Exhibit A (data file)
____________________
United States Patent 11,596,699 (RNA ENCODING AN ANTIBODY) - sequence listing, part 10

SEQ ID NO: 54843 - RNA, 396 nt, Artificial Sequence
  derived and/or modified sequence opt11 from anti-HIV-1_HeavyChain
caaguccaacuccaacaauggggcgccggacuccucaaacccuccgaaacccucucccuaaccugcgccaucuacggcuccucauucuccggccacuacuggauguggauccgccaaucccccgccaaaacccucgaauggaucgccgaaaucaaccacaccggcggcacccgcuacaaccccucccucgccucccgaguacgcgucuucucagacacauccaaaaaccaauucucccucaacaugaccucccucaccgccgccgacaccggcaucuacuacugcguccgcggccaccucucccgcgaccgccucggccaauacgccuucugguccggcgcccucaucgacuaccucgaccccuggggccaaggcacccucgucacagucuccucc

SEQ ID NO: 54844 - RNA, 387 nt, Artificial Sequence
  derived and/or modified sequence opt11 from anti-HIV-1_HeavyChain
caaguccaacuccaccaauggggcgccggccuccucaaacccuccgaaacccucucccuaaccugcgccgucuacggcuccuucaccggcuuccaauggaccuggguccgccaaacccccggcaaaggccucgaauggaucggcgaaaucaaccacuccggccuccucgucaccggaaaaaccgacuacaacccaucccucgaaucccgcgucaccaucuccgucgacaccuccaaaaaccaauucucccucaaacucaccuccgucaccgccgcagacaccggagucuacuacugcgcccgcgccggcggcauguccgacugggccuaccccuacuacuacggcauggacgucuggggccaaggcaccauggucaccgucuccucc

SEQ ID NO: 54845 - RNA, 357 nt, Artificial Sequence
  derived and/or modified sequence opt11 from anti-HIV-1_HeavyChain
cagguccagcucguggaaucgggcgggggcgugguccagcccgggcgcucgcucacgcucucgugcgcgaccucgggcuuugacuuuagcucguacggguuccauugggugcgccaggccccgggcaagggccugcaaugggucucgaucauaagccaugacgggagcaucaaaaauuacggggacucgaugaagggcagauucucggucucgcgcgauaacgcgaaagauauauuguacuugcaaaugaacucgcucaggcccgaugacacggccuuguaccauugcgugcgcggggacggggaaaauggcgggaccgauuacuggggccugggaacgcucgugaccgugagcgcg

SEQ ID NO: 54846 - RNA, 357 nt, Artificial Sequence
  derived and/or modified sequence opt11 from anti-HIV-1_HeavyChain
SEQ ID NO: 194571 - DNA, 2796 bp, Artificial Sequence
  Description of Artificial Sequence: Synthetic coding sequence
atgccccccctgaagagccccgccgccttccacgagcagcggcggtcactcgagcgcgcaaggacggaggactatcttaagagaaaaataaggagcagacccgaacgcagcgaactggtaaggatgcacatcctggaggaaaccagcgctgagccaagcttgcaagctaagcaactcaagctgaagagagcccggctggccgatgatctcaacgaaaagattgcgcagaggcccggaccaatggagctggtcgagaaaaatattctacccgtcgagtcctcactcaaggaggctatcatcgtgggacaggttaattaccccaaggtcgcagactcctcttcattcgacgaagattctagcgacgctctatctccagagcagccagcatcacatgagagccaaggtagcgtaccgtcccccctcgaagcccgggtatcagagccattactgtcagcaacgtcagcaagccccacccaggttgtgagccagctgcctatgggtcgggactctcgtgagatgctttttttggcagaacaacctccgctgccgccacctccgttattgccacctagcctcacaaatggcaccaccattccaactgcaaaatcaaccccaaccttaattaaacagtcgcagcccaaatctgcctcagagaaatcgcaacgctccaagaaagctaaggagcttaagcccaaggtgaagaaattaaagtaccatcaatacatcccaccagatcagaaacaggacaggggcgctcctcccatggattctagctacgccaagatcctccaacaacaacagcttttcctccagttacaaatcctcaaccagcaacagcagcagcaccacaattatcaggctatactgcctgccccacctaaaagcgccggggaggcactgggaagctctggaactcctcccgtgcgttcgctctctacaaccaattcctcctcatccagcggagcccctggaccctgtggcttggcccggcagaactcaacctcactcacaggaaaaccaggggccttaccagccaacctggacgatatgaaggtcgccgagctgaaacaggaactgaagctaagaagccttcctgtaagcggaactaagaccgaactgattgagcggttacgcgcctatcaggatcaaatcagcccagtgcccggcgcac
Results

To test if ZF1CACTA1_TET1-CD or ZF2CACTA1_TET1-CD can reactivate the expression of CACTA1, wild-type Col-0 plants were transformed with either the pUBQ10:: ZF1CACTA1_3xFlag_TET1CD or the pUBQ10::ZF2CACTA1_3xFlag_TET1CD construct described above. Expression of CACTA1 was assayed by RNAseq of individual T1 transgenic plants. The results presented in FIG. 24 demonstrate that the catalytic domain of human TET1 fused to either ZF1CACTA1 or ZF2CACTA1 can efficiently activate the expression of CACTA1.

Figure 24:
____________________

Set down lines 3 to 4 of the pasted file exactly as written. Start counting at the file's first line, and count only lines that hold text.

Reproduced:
  derived and/or modified sequence opt11 from anti-HIV-1_HeavyChain
caaguccaacuccaacaauggggcgccggacuccucaaacccuccgaaacccucucccuaaccugcgccaucuacggcuccucauucuccggccacuacuggauguggauccgccaaucccccgccaaaacccucgaauggaucgccgaaaucaaccacaccggcggcacccgcuacaaccccucccucgccucccgaguacgcgucuucucagacacauccaaaaaccaauucucccucaacaugaccucccucaccgccgccgacaccggcaucuacuacugcguccgcggccaccucucccgcgaccgccucggccaauacgccuucugguccggcgcccucaucgacuaccucgaccccuggggccaaggcacccucgucacagucuccucc